Bamboo removal is an extremely labor intensive process. Although anyone can attempt removal the job is best left to train professionals. The uninitiated my attempt bamboo removal through chemicals or fire which will do nothing to slow the plant down.
To understand bamboo removal we must first understand bamboo. Originally a Japanese word bamboo means “the giant grass”. This means that like grass bamboo has a much more shallow root structure than other plants that grow to the same height. Bamboo generally only goes two to three feet down under ground. However it can run as far in any direction as the plant is tall. These runners are all connected underground to the main mother plant. So when we perform removal we need to follow all these running roots, called rhizomes, to their terminus away from the mother plant.
Typical removal jobs require hand tools such as axes, shovels, picks, 8 foot pry bar, etc. Our heavier damage equipment includes a slam bar that is basically a sharp spade with a heavy metal bar in the shaft that can be slammed down to perform a cut of the bamboo roots. And finally we do sometimes need to bring in a backhoe and a stump grinder for the most challenging of jobs.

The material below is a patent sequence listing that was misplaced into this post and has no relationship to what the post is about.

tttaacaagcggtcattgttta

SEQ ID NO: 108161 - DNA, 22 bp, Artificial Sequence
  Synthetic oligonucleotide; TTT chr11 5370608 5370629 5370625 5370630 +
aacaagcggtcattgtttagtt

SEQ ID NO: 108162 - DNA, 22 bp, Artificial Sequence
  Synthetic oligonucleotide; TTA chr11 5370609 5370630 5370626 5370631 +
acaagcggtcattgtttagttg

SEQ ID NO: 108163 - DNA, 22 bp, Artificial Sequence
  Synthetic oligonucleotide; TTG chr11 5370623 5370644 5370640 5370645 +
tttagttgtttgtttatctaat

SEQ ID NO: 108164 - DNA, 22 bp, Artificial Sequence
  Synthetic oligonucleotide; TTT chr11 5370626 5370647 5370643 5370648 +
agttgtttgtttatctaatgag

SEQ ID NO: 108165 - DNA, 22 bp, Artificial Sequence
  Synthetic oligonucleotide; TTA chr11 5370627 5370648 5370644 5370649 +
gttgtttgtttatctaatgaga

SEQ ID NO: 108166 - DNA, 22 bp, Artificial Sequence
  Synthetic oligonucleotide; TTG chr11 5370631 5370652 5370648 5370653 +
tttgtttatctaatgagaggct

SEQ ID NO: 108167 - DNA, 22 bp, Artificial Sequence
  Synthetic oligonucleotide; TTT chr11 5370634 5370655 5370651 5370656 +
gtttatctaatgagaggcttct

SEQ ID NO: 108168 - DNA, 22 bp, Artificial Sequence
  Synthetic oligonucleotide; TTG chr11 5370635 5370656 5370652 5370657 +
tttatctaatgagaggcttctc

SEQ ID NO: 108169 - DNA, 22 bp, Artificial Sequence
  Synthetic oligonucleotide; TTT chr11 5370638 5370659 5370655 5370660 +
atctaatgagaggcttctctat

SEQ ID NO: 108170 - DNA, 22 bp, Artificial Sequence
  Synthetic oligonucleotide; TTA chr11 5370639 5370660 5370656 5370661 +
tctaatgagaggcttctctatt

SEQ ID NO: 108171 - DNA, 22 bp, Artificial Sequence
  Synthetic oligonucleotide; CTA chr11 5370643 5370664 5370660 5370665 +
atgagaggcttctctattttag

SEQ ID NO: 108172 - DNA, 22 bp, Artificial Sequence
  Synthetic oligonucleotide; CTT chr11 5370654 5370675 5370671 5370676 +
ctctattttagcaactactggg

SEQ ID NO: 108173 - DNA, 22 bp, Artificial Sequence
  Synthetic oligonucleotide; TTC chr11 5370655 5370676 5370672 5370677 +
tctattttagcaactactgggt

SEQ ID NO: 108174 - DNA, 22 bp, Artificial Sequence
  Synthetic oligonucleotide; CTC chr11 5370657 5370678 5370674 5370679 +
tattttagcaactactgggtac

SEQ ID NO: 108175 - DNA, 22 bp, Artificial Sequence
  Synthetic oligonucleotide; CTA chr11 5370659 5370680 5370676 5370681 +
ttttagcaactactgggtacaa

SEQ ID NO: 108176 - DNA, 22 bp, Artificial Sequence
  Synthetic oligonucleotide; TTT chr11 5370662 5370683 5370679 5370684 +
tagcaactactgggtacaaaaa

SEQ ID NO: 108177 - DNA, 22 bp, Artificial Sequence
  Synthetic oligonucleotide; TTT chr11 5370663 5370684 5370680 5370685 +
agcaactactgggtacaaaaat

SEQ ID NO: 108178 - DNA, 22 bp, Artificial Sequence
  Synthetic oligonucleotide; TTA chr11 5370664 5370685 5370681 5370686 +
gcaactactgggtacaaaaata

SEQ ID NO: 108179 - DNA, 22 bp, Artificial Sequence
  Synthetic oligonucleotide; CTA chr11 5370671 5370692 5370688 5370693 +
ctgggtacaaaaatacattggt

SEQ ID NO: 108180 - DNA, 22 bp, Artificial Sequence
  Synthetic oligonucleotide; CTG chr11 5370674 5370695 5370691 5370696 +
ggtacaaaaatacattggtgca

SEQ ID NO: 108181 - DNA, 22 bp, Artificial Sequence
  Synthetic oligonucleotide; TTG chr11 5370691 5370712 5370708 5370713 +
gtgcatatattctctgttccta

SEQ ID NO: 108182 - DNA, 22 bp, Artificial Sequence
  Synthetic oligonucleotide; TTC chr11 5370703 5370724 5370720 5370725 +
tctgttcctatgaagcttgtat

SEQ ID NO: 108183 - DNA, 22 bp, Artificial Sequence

When you want to keep your bamboo but not perform yearly root maintenance installation of a rhizome root barrier is an option. Many people make ill advised attempts at using metal, wood, or concrete to slow down the underground roots. But all of these decompose over time. The concrete will crack and the bamboo will find a way out.
The best option is High Density Polyethylene Plastic or HDPE. This comes in 40, 60, and 80 millimeter thickness. Although it is rare we have seen the lower thicknesses fail in the past so we always suggest going with the 80 mm thickness. They also come in 24 inch or 30 inch depths. The cost is negligible so again we suggest going with the higher level 30 inch deep barrier.
First you need to dig a trench as wide as a shovel around the entire area you wish to contain. It should be a few inches more shallow than your barrier as you want the barrier to stick above ground a few inches so the roots can not jump over the top. Then you put the barrier into the hole and you use a seam kit to fasten the ends together. Lastly you backfill the dirt making sure to tamp it as you go so you don’t get any air pockets in the dirt which could help the bamboo to escape.